Eva Knott 7:43 p.m., April 15
Sense and Nonsense
One reason San Diego is technically insolvent is that nonsensical arguments have dominated decision-making for years. In the Union-Tribune the last two days (July 6 and July 7) there was one story about good sense creeping into public discourse -- offset, of course, by another story about egregious nonsense. Both these stories were by Michael Smolens. First, let's take the nonsense. The Downtown San Diego Partnership, a quintessential corporate welfare organization, declared that the public should not be permitted to vote on the $293.5 million proposal to build a new city hall because the cost of the vote -- $250,000 -- would be a drag on taxpayers. Huh? Spend $293.5 million so you can save $250,000? That's like the Chargers' logic for the subsidization of a new football stadium: the current stadium costs $17.1 million a year, so build a new one for $700 million. Former Councilmember Bruce Henderson says it's clear that the partnership fears the public won't support the city hall proposal. (Its backers, of course, claim the City will actually save money by shelling out more. That argument has been shown to be fraudulent time and again.)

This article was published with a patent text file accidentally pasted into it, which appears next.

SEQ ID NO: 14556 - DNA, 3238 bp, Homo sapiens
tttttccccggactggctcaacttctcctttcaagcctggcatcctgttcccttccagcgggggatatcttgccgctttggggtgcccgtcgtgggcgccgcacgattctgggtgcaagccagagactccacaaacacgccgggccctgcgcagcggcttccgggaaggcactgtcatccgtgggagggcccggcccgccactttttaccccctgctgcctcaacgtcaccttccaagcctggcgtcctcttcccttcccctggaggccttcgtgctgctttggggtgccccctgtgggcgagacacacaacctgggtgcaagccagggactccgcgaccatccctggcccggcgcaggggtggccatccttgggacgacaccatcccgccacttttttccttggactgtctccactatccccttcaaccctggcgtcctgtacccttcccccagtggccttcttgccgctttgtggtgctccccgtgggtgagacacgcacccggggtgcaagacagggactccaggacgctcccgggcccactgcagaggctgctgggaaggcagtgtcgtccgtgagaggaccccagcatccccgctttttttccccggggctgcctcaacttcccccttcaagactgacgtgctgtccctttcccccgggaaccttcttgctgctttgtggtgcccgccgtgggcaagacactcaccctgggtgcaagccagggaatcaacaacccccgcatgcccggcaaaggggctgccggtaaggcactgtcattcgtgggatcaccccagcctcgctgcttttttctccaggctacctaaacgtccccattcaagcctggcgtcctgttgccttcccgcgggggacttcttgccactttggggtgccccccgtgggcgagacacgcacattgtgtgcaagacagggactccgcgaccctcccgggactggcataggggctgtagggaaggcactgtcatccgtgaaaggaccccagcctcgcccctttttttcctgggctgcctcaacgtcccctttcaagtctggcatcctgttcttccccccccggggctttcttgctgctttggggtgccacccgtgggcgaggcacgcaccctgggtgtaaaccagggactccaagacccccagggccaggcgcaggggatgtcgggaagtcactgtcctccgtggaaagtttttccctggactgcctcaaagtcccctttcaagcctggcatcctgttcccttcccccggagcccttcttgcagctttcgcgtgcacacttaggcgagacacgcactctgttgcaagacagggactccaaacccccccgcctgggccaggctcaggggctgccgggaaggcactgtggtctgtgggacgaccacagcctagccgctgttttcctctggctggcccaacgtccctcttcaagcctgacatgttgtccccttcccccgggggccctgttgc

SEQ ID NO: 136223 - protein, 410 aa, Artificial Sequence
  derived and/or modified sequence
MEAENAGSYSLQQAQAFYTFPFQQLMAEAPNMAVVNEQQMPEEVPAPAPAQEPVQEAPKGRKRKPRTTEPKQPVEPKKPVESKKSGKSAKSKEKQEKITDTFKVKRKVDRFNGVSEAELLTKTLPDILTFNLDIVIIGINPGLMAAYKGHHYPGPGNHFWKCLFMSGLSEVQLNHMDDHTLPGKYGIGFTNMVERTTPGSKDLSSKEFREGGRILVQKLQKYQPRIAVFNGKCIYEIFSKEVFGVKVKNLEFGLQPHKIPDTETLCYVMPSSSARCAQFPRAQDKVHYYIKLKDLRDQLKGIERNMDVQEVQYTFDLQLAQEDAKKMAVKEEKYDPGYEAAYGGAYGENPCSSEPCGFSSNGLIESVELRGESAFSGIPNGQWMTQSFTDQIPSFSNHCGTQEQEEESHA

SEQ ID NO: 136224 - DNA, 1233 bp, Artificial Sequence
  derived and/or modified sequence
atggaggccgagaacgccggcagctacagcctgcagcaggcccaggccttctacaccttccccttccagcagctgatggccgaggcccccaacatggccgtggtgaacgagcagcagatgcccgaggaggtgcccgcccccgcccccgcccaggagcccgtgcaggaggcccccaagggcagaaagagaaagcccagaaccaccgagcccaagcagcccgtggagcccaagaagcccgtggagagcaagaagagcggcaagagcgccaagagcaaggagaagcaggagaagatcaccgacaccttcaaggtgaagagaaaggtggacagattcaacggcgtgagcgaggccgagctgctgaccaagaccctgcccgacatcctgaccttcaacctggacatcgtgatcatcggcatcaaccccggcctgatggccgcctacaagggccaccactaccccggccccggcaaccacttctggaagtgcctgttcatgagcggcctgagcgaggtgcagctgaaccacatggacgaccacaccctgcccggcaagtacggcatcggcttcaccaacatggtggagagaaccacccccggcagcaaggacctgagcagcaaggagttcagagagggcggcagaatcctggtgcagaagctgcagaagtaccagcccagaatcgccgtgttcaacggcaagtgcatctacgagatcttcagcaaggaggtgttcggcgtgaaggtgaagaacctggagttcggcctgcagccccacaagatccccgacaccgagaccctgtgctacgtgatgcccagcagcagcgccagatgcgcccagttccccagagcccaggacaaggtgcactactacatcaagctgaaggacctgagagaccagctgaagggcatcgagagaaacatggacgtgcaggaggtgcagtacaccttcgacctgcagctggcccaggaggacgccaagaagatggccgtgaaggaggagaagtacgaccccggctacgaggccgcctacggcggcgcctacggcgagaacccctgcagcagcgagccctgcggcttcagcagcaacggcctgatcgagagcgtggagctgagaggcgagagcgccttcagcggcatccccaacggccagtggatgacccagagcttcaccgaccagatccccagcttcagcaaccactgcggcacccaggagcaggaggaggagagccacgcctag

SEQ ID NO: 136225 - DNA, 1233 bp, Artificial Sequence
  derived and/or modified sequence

But then comes an intelligent statement. The Lincoln Club, the Republican money-doling operation, has come out against a sales tax increase. (I am not saying whether the tax proposal itself is a good or bad idea.) But the Lincoln Club, long a backer of corporate welfare for its fat-cat members, made this highly intelligent observation: "Any city sales tax increase would doubtless go to funding fat pensions, union salaries, the new downtown library, a new city hall, and a new stadium...all while park and library hours are cut, sewer pipes break, and potholes go unfilled." Amen. The Lincoln Club now has "a group of people reflecting the new reality of Republican politics," says Henderson, a Republican. "The Lincoln Club was no friend of mine when I stood up to the Chargers and the Padres," says Henderson, but it appears to be seeing the economic fatuity of corporate welfare. But don't celebrate too soon: "The problem with groups like the Lincoln Club is that they are driven by funding." A few nabobs seeking government handouts could give a bundle to the club, and it will change its tune.